October 14, 2009
by Rick Bell FAIA Executive Director AIA New York

(L-R): Wyly Theater by REX/OMA; Winspear Opera House by Foster + Partners; Nasher Sculpture Center by Renzo Piano Building Workshop.

Rick Bell

The year-old Dallas Center for Architecture, located on the edge of the Dallas Arts District, hosted the 2009 convocation of the leaders of the largest AIA components, the so-called “Big Sibs.” The remarkable ground-level Center, directly across the soon-to-be-decked Woodall Rodgers Freeway from the Dallas Art Museum by Edward Larrabee Barnes, FAIA, has superb meeting and exhibition space. The two-day large-chapter meeting, led by AIA Dallas President Todd Howard, AIA, and Executive Director Paula Clements, Hon. TSA, held 10.01-02.09, allowed the exchange of best practices and ideas for how the AIA can best serve its members during the current recession. Present were presidents, presidents-elect, and executive directors from 14 cities: Atlanta, Boston, Chicago, Dallas, Denver, Houston, Los Angeles, Minneapolis, New York, Orange County (CA), Philadelphia, San Francisco, Seattle, and Washington, DC. While in Dallas, the AIA leaders were able to see the construction sites for the Winspear Opera House by Foster + Partners and AT&T Performing Arts Center Dee and Charles Wyly Theater by REX/OMA, along with the Dallas Art Museum and the Nasher Sculpture Center by Renzo Piano Building Workshop. Many also visited the still-sparkling Morton H. Myerson Symphony Center by Pei Cobb Freed & Partners, and saw Eric Breitbart’s film “Visual Acoustics: The Modernism of Julius Shulman” at The Magnolia.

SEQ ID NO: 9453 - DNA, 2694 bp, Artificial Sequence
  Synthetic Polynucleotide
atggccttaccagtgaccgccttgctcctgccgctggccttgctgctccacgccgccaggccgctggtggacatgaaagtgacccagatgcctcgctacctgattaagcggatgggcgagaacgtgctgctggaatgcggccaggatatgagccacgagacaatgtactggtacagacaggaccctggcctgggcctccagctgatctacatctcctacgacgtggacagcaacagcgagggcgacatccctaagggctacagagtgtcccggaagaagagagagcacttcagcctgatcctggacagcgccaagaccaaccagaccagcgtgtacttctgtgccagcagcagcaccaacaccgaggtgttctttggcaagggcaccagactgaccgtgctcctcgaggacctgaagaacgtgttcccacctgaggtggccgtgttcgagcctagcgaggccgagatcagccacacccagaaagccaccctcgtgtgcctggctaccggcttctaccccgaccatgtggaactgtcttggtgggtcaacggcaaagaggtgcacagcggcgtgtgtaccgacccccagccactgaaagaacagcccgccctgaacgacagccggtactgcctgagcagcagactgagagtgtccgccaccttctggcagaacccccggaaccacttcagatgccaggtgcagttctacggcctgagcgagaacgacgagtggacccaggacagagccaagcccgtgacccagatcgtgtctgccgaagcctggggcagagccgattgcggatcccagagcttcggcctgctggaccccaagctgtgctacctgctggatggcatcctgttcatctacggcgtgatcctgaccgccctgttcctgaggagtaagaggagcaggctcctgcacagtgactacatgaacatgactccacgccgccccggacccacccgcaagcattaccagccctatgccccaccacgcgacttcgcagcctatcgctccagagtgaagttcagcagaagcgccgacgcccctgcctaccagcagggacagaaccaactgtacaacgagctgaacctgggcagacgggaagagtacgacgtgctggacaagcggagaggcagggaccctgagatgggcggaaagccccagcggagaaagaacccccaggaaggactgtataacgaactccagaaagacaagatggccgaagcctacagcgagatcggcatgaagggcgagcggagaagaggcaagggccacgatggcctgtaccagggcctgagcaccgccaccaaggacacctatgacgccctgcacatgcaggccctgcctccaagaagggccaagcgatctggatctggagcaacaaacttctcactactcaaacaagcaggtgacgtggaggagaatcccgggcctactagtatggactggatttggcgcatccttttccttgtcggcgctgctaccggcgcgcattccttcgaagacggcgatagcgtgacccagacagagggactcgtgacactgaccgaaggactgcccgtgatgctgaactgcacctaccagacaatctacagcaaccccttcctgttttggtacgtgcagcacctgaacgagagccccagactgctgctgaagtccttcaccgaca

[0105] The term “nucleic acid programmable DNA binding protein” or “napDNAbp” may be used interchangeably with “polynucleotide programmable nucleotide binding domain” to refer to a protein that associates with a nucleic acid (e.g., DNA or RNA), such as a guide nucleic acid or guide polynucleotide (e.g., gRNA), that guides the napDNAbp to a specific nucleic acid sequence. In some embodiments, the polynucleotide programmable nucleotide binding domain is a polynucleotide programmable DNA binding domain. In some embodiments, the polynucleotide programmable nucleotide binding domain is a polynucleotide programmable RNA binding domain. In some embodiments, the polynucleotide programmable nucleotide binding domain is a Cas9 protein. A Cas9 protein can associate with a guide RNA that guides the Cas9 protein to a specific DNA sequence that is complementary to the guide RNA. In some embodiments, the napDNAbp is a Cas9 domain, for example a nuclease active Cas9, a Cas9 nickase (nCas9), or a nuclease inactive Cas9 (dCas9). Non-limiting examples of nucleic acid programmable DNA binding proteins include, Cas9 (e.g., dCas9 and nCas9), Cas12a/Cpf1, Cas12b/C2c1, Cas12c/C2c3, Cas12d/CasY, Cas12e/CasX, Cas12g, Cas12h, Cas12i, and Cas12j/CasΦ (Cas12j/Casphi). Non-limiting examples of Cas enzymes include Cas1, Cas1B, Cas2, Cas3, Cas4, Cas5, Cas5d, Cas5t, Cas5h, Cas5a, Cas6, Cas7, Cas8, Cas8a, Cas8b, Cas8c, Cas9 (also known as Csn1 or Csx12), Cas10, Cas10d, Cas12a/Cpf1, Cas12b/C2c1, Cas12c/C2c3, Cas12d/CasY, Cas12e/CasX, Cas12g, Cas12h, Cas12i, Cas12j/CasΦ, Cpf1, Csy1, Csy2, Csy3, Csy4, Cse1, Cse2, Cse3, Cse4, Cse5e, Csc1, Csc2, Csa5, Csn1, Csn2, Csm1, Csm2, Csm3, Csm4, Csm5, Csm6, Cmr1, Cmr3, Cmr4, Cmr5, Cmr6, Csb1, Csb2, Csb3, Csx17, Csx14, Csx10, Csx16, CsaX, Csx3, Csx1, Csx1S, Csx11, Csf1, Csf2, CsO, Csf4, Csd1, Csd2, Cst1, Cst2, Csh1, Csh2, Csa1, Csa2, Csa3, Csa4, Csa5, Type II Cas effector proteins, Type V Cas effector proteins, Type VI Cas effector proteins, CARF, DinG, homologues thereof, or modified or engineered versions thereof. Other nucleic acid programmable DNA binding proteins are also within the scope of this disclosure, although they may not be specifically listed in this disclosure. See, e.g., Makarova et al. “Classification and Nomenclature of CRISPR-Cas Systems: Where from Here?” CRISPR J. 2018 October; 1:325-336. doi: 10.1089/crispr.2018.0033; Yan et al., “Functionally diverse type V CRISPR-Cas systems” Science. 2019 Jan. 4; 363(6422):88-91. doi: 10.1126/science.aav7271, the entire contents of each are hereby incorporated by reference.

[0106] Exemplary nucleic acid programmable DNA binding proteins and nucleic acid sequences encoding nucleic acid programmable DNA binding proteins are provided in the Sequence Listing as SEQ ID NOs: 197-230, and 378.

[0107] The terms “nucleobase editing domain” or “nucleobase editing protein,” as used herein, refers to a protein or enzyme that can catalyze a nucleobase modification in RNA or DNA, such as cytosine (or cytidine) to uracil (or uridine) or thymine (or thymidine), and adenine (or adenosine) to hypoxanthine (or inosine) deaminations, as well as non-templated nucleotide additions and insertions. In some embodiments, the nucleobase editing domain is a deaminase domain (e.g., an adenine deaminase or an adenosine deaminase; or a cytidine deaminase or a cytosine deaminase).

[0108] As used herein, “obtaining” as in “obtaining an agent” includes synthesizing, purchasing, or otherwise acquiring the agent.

Common themes emerging from the Big Sibs discussion included the importance of:
· Emerging architects / young architects
· Continuing education and volunteer opportunities during the economic downturn
· Membership retention and development; keeping in touch with members and others whose primary e-mail has changed because of layoffs
· Budgetary projections given non-dues revenue diminishment
· Collaboration with other professional and civic groups
· Strategic planning, both local and national
· Enhancing communications and advocacy
· Centers for Architecture (6 chapters have them, three are planning a center)

For AIANY, Chapter President Sherida Paulsen, FAIA, described five initiatives growing out of our six-year-old Center for Architecture, including the Not Business as Usual response to the economy; the One AIA/One NYC effort to have the five AIA chapters in our city work more closely together; exhibitions as outreach and education, including the just-opened “ContextContrast” show on new buildings in historic districts; our municipal advocacy efforts with the Department of Buildings and other city agencies, including the urbanSHED competition; and the Open to the Public effort, using exhibitions such as “New York Now” to leverage the visibility of the Center. Also representing our Chapter was president-elect Tony Schirripa, AIA, and 2011 president-to-be Margaret Castillo, AIA.

Perhaps the most compelling part of the open discussion was a presentation by Ann Schopf, AIA, President of AIA Seattle, about the need to unite behind 2030 carbon reduction goals. In particular, the educational programs being offered by AIA Seattle, which address the measurement of carbon reduction for new and existing buildings, was seen as a model. All component leaders registered support for making this program available nationwide, with financial support from the large chapters, and possibly AIA National.

George Miller, FAIA, president-elect of AIA National was present, as was Christine McEntee, executive vice president. Miller led a discussion of the AIA’s strategic planning effort and also announced a new program for next year, possibly to be called “Architecture Now” (other ideas welcome) patterned after the AIANY’s “New York Now” exhibition, currently on view at the West 4th Street subway station. All AIA members could submit the best of their work in a non-juried nationwide exhibition that would emphasize and dramatize the importance of architecture and urban design in the creation of livable and sustainable communities. The proposal was seen as consistent with the proposed and much-discussed AIA vision statement, Design Matters!


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